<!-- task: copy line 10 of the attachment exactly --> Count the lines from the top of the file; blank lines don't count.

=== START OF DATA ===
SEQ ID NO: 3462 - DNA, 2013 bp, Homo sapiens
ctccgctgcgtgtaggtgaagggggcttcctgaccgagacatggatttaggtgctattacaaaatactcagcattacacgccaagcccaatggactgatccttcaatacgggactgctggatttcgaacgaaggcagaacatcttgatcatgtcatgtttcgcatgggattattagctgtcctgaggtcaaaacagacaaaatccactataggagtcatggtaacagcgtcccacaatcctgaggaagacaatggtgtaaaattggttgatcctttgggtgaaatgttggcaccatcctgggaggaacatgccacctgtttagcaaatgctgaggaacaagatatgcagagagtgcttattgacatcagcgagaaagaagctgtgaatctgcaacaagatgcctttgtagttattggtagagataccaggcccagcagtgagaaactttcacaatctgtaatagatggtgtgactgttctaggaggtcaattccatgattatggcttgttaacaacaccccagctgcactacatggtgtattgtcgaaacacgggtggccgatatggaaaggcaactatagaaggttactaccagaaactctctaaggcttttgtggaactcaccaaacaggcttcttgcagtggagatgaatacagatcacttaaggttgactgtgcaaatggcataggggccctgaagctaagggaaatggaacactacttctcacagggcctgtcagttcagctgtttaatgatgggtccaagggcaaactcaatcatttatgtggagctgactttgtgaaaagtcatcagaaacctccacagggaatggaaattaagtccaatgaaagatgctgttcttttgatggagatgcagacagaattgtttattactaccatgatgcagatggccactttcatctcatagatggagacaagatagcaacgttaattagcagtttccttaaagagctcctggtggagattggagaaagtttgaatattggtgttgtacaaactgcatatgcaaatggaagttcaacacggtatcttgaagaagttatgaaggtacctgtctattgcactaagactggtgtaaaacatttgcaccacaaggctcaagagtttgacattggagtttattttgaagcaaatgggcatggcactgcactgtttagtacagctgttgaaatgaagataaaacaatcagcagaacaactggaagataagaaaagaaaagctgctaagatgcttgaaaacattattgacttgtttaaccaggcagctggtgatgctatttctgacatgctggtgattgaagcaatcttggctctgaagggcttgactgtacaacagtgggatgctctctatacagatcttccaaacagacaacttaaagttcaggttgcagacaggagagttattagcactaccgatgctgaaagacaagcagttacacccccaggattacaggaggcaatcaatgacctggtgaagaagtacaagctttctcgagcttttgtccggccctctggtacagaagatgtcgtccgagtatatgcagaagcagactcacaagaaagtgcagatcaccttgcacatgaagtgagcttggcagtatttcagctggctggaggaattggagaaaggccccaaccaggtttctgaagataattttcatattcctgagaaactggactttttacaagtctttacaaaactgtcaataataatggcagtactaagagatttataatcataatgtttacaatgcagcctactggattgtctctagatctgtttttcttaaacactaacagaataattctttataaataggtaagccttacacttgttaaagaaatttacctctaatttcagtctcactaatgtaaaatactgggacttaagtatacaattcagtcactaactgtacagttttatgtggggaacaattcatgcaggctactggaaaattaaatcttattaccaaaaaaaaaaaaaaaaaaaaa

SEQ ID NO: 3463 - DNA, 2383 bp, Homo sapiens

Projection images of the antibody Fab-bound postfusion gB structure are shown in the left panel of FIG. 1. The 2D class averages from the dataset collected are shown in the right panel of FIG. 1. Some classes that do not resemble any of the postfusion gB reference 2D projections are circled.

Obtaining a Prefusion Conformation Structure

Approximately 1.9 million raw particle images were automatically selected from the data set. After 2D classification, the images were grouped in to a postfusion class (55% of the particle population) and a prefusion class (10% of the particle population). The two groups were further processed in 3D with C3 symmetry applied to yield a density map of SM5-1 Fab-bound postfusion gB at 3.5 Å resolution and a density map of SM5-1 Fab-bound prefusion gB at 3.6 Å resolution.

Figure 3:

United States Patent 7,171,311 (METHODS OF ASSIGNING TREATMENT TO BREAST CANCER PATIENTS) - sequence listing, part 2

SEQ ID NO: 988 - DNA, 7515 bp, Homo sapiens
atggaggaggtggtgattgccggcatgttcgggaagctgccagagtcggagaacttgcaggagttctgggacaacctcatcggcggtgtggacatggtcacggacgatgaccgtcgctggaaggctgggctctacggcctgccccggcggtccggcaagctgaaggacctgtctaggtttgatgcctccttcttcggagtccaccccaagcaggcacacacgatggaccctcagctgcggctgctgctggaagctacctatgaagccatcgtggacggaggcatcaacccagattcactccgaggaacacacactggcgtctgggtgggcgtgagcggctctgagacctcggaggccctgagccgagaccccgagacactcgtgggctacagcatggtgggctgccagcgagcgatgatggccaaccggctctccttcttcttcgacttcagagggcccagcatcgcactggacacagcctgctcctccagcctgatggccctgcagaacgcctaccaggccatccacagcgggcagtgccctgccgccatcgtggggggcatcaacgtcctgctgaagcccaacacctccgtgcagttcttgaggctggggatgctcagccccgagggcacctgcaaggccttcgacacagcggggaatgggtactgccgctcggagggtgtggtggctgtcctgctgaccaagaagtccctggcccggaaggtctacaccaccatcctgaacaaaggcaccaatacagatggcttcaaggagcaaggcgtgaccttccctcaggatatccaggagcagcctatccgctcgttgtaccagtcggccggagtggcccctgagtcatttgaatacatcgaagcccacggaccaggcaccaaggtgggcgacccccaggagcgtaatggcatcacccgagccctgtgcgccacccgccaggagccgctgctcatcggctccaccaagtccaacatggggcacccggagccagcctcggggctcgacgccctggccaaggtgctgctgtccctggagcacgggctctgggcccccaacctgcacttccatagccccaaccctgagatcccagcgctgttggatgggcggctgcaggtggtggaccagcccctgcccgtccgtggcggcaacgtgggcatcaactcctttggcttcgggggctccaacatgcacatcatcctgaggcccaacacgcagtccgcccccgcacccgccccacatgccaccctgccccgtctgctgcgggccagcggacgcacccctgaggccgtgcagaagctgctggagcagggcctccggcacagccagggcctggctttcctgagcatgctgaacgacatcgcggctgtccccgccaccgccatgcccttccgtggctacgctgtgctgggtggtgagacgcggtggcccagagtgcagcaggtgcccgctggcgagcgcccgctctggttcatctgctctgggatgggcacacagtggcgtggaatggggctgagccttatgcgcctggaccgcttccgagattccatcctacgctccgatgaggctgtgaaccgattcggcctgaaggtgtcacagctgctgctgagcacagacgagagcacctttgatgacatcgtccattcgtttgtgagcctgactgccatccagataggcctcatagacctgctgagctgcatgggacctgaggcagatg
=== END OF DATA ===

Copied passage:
atggaggaggtggtgattgccggcatgttcgggaagctgccagagtcggagaacttgcaggagttctgggacaacctcatcggcggtgtggacatggtcacggacgatgaccgtcgctggaaggctgggctctacggcctgccccggcggtccggcaagctgaaggacctgtctaggtttgatgcctccttcttcggagtccaccccaagcaggcacacacgatggaccctcagctgcggctgctgctggaagctacctatgaagccatcgtggacggaggcatcaacccagattcactccgaggaacacacactggcgtctgggtgggcgtgagcggctctgagacctcggaggccctgagccgagaccccgagacactcgtgggctacagcatggtgggctgccagcgagcgatgatggccaaccggctctccttcttcttcgacttcagagggcccagcatcgcactggacacagcctgctcctccagcctgatggccctgcagaacgcctaccaggccatccacagcgggcagtgccctgccgccatcgtggggggcatcaacgtcctgctgaagcccaacacctccgtgcagttcttgaggctggggatgctcagccccgagggcacctgcaaggccttcgacacagcggggaatgggtactgccgctcggagggtgtggtggctgtcctgctgaccaagaagtccctggcccggaaggtctacaccaccatcctgaacaaaggcaccaatacagatggcttcaaggagcaaggcgtgaccttccctcaggatatccaggagcagcctatccgctcgttgtaccagtcggccggagtggcccctgagtcatttgaatacatcgaagcccacggaccaggcaccaaggtgggcgacccccaggagcgtaatggcatcacccgagccctgtgcgccacccgccaggagccgctgctcatcggctccaccaagtccaacatggggcacccggagccagcctcggggctcgacgccctggccaaggtgctgctgtccctggagcacgggctctgggcccccaacctgcacttccatagccccaaccctgagatcccagcgctgttggatgggcggctgcaggtggtggaccagcccctgcccgtccgtggcggcaacgtgggcatcaactcctttggcttcgggggctccaacatgcacatcatcctgaggcccaacacgcagtccgcccccgcacccgccccacatgccaccctgccccgtctgctgcgggccagcggacgcacccctgaggccgtgcagaagctgctggagcagggcctccggcacagccagggcctggctttcctgagcatgctgaacgacatcgcggctgtccccgccaccgccatgcccttccgtggctacgctgtgctgggtggtgagacgcggtggcccagagtgcagcaggtgcccgctggcgagcgcccgctctggttcatctgctctgggatgggcacacagtggcgtggaatggggctgagccttatgcgcctggaccgcttccgagattccatcctacgctccgatgaggctgtgaaccgattcggcctgaaggtgtcacagctgctgctgagcacagacgagagcacctttgatgacatcgtccattcgtttgtgagcctgactgccatccagataggcctcatagacctgctgagctgcatgggacctgaggcagatg